18 Feb “You’ll never be the ‘old you’ but you will heal, and even grow.”
This is the story of Katy and her son Theo Benjamin Walton, who was born sleeping in December 2018.
The day my son died my whole world shifted on its axis. What started as a lightening-speed conception followed by a healthy, easy pregnancy suddenly ended in complete devastation at 30 weeks and 4 days, when the consultant uttered the words “I’m sorry, this baby has died”.
Having gone to bed on a Friday night to the usual kicks from my very lively little boy, I awoke at 4am to go to the bathroom and felt nothing. Putting it down to him sleeping, I returned to sleep myself but awoke again at 5.30am knowing something wasn’t right. No movement at all – no amount of sugar, ice cold drinks or prods and pokes were making a difference.
A rushed journey to our local MAU ended in a half-hour wait to be seen – no midwife seemed worried, which put us at ease. This was something they clearly saw all the time – a concerned mother wanting some reassurance. Why should we be any different? Little did we know that a mere half an hour later we were to be told the unthinkable news that our seemingly perfectly healthy little boy, who we’d seen just 2 weeks earlier in 3D with his pouty lips and button nose, had slipped away for no obvious reason. To this day we have no known cause for his death.
What followed was a series of thoughts, emotions and decisions I would never have associated with pregnancy. Was I happy to be induced? What funeral arrangements would we like to make? Did we have a name for him? Shell-shocked, we spent a weekend with our closest family members trying to begin the agonising process of comprehending our loss. All the while, I was still carrying Theo waiting for medication to kick in, ready for him to be delivered just days later. We said our goodbyes, cried and talked – this time bonded our families like never before.
Arriving at the hospital, bags packed and bump visible, I forgave the unknowing smiles of encouragement from strangers, assuming I was about to meet my bundle of joy like any other mother. The reality of the situation was so painfully raw that it was all I could do not to cry in response to every smile.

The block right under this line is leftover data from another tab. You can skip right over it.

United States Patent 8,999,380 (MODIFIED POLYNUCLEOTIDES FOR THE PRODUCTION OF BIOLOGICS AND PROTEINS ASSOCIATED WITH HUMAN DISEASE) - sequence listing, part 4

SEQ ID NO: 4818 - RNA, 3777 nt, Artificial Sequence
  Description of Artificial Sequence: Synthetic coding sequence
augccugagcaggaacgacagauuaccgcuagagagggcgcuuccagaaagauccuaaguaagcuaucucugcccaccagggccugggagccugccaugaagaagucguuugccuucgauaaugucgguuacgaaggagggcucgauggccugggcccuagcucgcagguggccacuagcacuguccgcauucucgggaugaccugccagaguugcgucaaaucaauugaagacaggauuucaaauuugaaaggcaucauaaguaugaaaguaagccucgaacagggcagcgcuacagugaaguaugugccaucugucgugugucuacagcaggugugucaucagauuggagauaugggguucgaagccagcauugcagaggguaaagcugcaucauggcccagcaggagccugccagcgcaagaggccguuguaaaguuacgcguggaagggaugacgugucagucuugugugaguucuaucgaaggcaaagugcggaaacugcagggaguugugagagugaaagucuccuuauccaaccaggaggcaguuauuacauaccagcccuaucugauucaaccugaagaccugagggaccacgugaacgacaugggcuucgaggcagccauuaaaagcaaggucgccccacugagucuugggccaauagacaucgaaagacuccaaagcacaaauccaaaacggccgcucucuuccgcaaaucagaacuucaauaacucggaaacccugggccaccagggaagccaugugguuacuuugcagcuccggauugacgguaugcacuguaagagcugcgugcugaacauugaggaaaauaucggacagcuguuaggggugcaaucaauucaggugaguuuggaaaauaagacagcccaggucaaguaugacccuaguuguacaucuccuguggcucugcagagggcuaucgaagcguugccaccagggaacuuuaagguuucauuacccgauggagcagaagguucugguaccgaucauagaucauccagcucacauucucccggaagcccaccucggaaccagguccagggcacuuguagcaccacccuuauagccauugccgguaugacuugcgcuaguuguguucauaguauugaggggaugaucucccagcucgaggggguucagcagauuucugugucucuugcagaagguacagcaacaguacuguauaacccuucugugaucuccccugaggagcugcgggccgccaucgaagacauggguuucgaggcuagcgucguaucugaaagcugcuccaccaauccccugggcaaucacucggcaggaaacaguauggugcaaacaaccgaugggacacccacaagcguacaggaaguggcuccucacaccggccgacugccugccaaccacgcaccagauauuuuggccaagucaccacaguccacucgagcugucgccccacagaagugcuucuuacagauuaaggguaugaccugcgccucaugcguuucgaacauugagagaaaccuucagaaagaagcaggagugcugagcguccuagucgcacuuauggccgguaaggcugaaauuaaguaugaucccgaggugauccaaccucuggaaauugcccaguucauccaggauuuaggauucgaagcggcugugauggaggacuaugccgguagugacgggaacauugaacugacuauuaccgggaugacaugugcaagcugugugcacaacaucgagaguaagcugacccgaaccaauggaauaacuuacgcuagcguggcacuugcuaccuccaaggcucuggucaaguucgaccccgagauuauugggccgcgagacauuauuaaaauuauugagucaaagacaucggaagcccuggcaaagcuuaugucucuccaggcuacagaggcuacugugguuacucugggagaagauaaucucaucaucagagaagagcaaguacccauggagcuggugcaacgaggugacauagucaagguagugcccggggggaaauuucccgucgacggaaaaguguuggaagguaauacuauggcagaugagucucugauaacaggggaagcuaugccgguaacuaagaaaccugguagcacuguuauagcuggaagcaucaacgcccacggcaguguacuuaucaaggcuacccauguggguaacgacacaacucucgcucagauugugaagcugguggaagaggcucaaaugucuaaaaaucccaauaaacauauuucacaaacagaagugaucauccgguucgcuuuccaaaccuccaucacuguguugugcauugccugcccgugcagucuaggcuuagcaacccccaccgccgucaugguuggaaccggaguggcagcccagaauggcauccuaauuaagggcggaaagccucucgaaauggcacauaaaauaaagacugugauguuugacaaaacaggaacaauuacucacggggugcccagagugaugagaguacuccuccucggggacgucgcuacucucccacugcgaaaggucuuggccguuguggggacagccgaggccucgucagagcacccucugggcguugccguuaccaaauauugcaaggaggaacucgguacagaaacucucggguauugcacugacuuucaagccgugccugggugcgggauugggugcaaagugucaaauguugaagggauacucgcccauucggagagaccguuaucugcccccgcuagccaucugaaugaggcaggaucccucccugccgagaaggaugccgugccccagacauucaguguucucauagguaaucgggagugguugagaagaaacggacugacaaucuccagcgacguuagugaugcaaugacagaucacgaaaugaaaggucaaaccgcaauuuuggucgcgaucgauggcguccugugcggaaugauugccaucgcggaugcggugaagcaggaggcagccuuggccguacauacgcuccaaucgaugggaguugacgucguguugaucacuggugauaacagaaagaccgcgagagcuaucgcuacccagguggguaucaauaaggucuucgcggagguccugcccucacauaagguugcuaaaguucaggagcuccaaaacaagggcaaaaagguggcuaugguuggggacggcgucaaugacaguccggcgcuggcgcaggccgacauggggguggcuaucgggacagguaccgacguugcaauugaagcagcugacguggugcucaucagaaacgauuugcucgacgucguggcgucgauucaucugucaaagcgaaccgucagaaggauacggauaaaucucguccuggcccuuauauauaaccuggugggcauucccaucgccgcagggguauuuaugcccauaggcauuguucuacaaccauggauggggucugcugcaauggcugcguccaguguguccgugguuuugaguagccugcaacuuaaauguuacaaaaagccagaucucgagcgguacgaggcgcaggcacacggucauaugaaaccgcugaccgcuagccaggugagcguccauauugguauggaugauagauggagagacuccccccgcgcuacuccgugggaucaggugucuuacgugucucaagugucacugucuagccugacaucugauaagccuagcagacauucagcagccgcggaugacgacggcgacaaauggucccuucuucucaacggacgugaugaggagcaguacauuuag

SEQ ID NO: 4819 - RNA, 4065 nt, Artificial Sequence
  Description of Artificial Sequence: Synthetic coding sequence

What ensued was one of the most beautiful and cherished experiences of my life – Theo Benjamin Walton, was born sleeping at 7.39am on Tuesday 18th December 2018 weighing just over 3lb 9oz. With the support of incredible midwives, Theo was delivered naturally but with pain relief, to keep the experience calm and as un-traumatising as it could possibly be. I hadn’t known what to expect – part of me was scared to see him lifeless and limp. But he was so peaceful, to the point I didn’t want to hold him or disturb him. My husband couldn’t bring himself to be there – he was too traumatised by the whole experience and knew his best way to support me through what was going to be the hardest time of our lives was to stay strong for me. He feels guilty for this every day, but one can never anticipate how they’ll feel in this situation or what’s right and wrong. I stand by our decisions – mine to see Theo and his to cherish his memories of his son wriggling about on screen just 2 weeks earlier. This decision has helped us to support each other in a way I know we couldn’t have otherwise.
A short stint in hospital and I was sent home, having registered Theo’s birth and death that same day. Leaving the hospital with empty arms is a feeling like nothing else – the physical ache for your baby is indescribable. Everything about that journey home felt wrong, as if nothing else would ever be right again.
The following week went by in a blur – Christmas came and went, our families stayed by our sides, and slowly but surely the world began to feel less ‘black’. Each day that went by there were more small glimmers of hope, fewer tears, but not a second passed without thoughts of Theo. The things that might have been, the firsts we’d never experience. With a whole year’s maternity leave ahead of me if I needed it, I didn’t even begin to engage with the ‘real world’ until a good few weeks later. The odd coffee shop trip here, a walk there. Yet even these small outings felt like climbing a mountain, and the anxiety was overwhelming.
After one attempt at returning to work far too early I quickly realised I wasn’t ready. It was only after 6 months that I made a proper return to work with reduced hours and reduced duties. To this day, I’ve never gone back to my demanding, marketing role. Theo’s loss put everything sharply into focus and changed my perspective completely, and I now feature work in my life amongst other things that help me feel a sense of purpose, fulfilment and small moments of joy.
I will never be the same again. My family will never be the same again. My career will never be the same again. My heart will never be the same again. Yet I wouldn’t have it any other way. Theo changed me, my husband, his grandparents, aunties and uncles. His existence opened me up to more heartbreak than I ever knew possible, but he also helped me feel love I never knew existed.
To anyone out there going through this terrible, earth-shattering loss – please hold on. You’ll never be the ‘old you’ but you will heal, and even grow. Take it minute by minute, hour by hour and let yourself feel everything you want to. No thought or feeling is wrong. With time, you’ll learn to live as a parent without their baby, but with no less love for them than if they were in your arms. Love them with all your heart and cherish their memory every day. You aren’t alone.
If you have experienced a similar story to Katy, The Baby Loss Awareness Week Alliance are here to help. Please visit our Organisations page to access contact details for your relevant Alliance charity.
If you need help now, please call the Sands Freephone Helpline on 0808 164 3332 or firstname.lastname@example.org